One aspect of faith is the embracing of mystery.  There are just some parts of walking with God that we will never understand.  That is okay.  We are trusting the one who does comprehend far more than we can imagine.  Faith is not just trusting in a God we cannot see; it is also trusting his words which have parts we do not totally grasp. 

Sure, I encourage you to keep reading, searching, and asking questions until you find a reasonable answer.  Each story has a few possible explanations, and you accept the one that makes the most sense to you. Remember that faith is not God telling us everything but trusting him with everything we do not understand. 

Room for Improvement

Suppose I asked you about your spiritual life, marriage relationship, parenting skills, and general Bible knowledge.  Most people would say to me, “There is room for improvement.”

We acknowledge that in many of life’s significant arenas, we could do better. 

Saying there is room for improvement is not the same as saying, “I am trying to improve.”  Both recognize our need to get better, but only one person is doing anything about it. 

Recognizing your shortcomings is a great first step toward a life that God desires.  Developing improved actions, no matter how small, is more significant than knowing there are issues. 

You have the room, so why not use it?

Good For Nothing

Every Monday, I have the privilege of depositing a paycheck from the Church I lead.  I attempt to give a total effort every week and always try to earn my money.  I still consider it an enormous blessing that I get to work for God and be paid enough to take care of my family.  God has been good to me, and I have not missed a paycheck in 28 years. 

But every Monday, there is also this strange feeling that comes over me.  While I get the blessing of being paid, the Church would not exist if it were not for all the people who serve each week.  It takes dozens of people to contribute for free to expand the kingdom of God.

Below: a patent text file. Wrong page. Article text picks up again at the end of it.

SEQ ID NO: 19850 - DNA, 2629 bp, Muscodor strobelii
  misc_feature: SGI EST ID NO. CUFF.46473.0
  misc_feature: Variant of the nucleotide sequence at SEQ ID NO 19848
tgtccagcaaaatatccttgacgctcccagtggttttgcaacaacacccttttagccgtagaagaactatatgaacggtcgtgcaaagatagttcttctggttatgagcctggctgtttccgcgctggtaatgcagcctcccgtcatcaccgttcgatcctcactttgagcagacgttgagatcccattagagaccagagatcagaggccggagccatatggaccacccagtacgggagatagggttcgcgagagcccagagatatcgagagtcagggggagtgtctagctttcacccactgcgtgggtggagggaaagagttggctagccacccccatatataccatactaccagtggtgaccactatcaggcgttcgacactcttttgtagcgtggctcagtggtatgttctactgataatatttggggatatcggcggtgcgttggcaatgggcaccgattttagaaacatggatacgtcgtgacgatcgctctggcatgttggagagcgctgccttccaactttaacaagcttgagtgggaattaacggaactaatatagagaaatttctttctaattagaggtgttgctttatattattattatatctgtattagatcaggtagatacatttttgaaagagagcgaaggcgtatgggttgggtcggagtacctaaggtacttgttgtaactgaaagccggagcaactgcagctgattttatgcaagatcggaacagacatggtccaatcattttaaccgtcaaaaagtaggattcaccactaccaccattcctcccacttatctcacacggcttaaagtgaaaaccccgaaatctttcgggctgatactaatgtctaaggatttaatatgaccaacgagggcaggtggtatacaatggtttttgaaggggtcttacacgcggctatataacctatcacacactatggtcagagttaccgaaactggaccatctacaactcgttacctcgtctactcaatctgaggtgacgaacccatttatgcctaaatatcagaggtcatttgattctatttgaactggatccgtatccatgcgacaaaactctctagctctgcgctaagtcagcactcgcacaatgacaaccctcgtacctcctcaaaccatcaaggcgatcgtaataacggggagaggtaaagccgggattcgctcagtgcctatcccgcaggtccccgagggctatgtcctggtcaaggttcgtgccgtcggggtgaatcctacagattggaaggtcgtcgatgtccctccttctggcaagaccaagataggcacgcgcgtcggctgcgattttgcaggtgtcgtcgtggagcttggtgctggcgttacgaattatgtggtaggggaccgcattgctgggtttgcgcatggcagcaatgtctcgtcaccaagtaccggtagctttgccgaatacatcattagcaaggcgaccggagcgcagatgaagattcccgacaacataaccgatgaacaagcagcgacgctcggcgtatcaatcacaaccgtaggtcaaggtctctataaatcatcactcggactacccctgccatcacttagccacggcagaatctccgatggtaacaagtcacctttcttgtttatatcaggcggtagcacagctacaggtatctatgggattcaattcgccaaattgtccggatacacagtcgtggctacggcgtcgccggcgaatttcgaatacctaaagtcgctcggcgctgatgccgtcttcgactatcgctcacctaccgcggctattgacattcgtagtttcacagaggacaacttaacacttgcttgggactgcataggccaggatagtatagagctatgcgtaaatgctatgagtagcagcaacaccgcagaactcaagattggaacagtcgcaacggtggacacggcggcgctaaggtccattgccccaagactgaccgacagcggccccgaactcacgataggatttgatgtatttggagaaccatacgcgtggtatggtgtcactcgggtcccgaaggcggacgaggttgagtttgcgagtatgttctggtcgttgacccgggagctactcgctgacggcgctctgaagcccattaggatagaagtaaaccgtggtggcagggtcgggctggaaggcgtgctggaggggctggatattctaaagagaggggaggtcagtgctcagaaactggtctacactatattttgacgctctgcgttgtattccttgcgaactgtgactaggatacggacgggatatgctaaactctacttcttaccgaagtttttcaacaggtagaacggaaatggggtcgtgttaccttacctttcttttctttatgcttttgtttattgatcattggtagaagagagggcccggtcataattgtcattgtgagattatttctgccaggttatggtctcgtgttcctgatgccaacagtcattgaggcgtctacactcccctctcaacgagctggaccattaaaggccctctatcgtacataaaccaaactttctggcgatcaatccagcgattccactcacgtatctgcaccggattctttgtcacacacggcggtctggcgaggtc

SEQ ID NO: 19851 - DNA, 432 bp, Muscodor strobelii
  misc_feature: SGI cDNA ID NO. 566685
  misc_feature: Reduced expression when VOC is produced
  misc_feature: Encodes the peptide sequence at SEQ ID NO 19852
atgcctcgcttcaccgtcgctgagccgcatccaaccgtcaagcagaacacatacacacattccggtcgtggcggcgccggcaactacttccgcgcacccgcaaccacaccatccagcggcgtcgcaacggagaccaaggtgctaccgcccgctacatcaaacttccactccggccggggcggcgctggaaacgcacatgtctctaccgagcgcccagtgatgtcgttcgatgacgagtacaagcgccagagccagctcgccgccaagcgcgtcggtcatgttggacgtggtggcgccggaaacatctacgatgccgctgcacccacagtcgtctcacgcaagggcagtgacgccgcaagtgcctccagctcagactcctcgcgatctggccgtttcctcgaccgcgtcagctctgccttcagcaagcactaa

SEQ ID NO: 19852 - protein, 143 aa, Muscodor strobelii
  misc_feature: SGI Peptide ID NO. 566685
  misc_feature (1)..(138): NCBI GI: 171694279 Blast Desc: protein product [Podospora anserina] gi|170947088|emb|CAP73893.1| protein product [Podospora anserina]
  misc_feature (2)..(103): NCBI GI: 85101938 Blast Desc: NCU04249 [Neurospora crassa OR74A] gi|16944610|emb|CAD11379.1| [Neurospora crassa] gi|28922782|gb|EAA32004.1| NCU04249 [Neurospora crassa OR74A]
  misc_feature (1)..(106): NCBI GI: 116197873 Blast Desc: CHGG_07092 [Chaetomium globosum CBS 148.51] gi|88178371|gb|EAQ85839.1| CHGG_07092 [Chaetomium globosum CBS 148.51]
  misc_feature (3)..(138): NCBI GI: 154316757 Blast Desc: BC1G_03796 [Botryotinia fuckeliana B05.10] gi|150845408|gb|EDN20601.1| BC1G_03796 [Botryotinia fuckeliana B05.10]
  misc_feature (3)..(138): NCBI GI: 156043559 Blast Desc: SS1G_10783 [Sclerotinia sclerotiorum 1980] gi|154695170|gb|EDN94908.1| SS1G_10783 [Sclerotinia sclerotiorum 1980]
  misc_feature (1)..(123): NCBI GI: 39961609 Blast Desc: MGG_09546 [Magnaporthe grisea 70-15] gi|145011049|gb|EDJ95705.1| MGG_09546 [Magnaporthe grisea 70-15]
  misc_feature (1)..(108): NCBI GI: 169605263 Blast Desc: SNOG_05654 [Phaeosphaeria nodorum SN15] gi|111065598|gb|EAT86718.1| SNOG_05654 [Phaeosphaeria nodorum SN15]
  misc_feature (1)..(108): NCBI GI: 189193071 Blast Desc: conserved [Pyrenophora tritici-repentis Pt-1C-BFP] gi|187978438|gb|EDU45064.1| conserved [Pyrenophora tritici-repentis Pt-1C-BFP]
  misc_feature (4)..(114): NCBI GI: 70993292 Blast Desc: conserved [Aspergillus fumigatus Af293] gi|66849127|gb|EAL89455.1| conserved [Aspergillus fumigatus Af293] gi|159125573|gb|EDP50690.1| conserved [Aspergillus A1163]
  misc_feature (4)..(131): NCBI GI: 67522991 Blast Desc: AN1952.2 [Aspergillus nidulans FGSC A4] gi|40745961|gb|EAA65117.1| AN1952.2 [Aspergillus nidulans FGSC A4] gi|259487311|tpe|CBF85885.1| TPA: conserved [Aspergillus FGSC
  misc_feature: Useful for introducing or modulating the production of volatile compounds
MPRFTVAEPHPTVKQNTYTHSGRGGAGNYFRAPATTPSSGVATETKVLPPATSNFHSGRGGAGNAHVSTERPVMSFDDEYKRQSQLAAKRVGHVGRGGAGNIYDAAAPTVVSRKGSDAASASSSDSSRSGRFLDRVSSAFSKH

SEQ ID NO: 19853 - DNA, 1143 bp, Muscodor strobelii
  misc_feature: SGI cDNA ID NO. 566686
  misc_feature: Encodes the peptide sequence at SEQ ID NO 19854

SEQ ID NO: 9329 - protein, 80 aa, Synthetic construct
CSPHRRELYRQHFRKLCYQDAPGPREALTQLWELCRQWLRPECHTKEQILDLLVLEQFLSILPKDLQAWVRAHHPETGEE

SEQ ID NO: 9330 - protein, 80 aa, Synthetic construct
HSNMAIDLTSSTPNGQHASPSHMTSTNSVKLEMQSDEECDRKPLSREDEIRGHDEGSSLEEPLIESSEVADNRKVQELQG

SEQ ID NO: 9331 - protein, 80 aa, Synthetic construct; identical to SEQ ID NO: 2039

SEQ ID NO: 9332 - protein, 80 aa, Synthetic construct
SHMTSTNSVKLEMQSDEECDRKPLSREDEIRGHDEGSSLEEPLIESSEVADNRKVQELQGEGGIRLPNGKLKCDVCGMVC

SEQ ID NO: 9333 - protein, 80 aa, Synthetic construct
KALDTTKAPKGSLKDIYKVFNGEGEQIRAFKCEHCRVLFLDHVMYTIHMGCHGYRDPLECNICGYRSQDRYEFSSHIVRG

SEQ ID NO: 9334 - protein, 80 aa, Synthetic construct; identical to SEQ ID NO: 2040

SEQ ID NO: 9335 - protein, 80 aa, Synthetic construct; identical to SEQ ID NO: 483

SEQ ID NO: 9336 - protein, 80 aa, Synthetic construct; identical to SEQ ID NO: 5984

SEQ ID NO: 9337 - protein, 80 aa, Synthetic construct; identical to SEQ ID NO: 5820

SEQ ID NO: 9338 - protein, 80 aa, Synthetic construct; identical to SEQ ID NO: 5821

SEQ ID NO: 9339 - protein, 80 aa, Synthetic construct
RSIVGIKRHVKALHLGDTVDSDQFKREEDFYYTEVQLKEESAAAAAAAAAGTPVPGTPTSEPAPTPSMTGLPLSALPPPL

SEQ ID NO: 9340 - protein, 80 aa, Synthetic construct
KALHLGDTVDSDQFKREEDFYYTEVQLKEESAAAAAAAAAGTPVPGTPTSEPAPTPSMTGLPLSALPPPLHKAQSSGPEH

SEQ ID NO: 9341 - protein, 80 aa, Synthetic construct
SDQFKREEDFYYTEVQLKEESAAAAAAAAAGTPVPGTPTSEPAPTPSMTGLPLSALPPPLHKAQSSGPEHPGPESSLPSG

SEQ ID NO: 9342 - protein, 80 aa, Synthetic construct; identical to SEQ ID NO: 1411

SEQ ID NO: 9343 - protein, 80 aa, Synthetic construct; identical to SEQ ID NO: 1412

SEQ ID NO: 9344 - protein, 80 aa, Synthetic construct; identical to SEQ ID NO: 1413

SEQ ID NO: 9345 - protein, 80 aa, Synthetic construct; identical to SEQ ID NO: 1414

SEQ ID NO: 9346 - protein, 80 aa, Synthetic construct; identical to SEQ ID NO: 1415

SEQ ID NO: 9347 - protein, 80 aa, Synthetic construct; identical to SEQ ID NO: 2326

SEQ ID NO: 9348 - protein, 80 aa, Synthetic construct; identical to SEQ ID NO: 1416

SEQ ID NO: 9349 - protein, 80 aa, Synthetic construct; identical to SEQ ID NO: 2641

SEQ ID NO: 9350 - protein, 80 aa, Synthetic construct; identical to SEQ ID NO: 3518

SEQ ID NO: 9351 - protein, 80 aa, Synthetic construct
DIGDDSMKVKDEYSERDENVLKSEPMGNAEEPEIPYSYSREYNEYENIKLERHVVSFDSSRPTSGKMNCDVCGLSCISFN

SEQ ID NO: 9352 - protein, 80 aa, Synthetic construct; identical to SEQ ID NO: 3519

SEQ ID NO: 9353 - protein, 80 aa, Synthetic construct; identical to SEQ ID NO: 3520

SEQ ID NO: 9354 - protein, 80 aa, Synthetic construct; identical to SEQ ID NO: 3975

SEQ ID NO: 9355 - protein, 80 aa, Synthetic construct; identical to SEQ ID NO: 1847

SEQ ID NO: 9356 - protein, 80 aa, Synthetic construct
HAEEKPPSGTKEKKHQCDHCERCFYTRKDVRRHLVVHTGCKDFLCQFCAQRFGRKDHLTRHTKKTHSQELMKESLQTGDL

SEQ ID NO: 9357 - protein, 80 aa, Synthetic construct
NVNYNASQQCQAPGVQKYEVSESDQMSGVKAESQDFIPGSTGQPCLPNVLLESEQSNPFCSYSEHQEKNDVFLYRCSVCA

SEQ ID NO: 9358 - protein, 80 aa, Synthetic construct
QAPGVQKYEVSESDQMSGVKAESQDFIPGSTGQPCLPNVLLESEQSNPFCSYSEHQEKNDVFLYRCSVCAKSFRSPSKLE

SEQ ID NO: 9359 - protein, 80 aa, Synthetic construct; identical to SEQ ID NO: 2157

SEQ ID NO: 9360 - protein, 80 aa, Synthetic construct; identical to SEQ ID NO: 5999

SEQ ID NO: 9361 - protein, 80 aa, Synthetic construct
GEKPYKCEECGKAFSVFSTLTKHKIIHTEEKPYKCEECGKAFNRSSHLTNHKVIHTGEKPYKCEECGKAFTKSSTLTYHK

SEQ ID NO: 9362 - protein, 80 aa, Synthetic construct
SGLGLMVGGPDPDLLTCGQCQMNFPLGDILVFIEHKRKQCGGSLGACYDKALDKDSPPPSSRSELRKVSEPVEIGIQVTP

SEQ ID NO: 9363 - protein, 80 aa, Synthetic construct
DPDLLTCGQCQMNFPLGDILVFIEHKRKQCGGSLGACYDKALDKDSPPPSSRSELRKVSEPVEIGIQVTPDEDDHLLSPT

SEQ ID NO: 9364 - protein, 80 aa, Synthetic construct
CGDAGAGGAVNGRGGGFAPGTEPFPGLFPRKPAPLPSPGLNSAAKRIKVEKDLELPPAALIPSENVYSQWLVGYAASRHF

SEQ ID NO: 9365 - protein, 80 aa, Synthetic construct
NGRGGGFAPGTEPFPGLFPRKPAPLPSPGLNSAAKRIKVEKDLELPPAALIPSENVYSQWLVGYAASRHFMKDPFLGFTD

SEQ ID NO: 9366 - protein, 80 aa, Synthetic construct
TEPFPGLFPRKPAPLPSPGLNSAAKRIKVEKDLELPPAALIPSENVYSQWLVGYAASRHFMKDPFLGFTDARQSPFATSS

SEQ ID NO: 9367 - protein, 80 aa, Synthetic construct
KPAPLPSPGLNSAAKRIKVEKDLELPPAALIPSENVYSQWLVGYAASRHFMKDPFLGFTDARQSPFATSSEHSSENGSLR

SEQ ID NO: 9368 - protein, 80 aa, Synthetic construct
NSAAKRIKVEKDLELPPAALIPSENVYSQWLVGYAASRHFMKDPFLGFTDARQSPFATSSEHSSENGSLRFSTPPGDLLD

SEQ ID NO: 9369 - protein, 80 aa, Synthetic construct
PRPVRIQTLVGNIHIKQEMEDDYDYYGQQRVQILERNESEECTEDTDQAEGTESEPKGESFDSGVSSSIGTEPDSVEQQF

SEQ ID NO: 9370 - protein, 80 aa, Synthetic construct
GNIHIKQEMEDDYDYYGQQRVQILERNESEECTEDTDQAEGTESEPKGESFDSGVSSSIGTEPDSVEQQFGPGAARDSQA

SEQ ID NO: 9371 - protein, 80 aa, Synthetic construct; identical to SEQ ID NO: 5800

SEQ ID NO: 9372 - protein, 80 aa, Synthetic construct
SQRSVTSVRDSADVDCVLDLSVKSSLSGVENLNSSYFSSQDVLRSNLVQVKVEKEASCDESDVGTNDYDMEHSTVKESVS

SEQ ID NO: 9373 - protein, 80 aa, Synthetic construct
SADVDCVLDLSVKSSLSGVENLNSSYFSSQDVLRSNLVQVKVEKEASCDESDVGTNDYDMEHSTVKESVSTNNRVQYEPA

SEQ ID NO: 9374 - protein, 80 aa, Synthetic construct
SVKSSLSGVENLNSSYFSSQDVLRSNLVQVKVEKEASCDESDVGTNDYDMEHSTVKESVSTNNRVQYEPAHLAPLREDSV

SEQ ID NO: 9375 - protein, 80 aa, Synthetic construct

Recently I heard a Church consultant talk about how Churches do not need volunteers to fill positions.  They need people called to ministry who are willing to contribute merely because they follow Jesus.  These precious people are the hands and feet of Jesus each Sunday morning. 

Today I am thankful for everyone who ministers in any capacity in the Church I lead.  I am also grateful for all the people who served in any Church this past weekend.  These are the individuals that God is using to expand his kingdom.  They are good people, and most of them are good for nothing but the joy that awaits when they hear, “Well done, good and faithful servant.”   

Finishing Strong

Beginning a new venture is exciting.  People take pictures of the first day of everything.  Some businesses frame the shovel that first broke the ground or the first dollar that was earned.  Others celebrate with grand openings, parties, and social media blitzes.  Everyone can name dozens of new things being started all around them.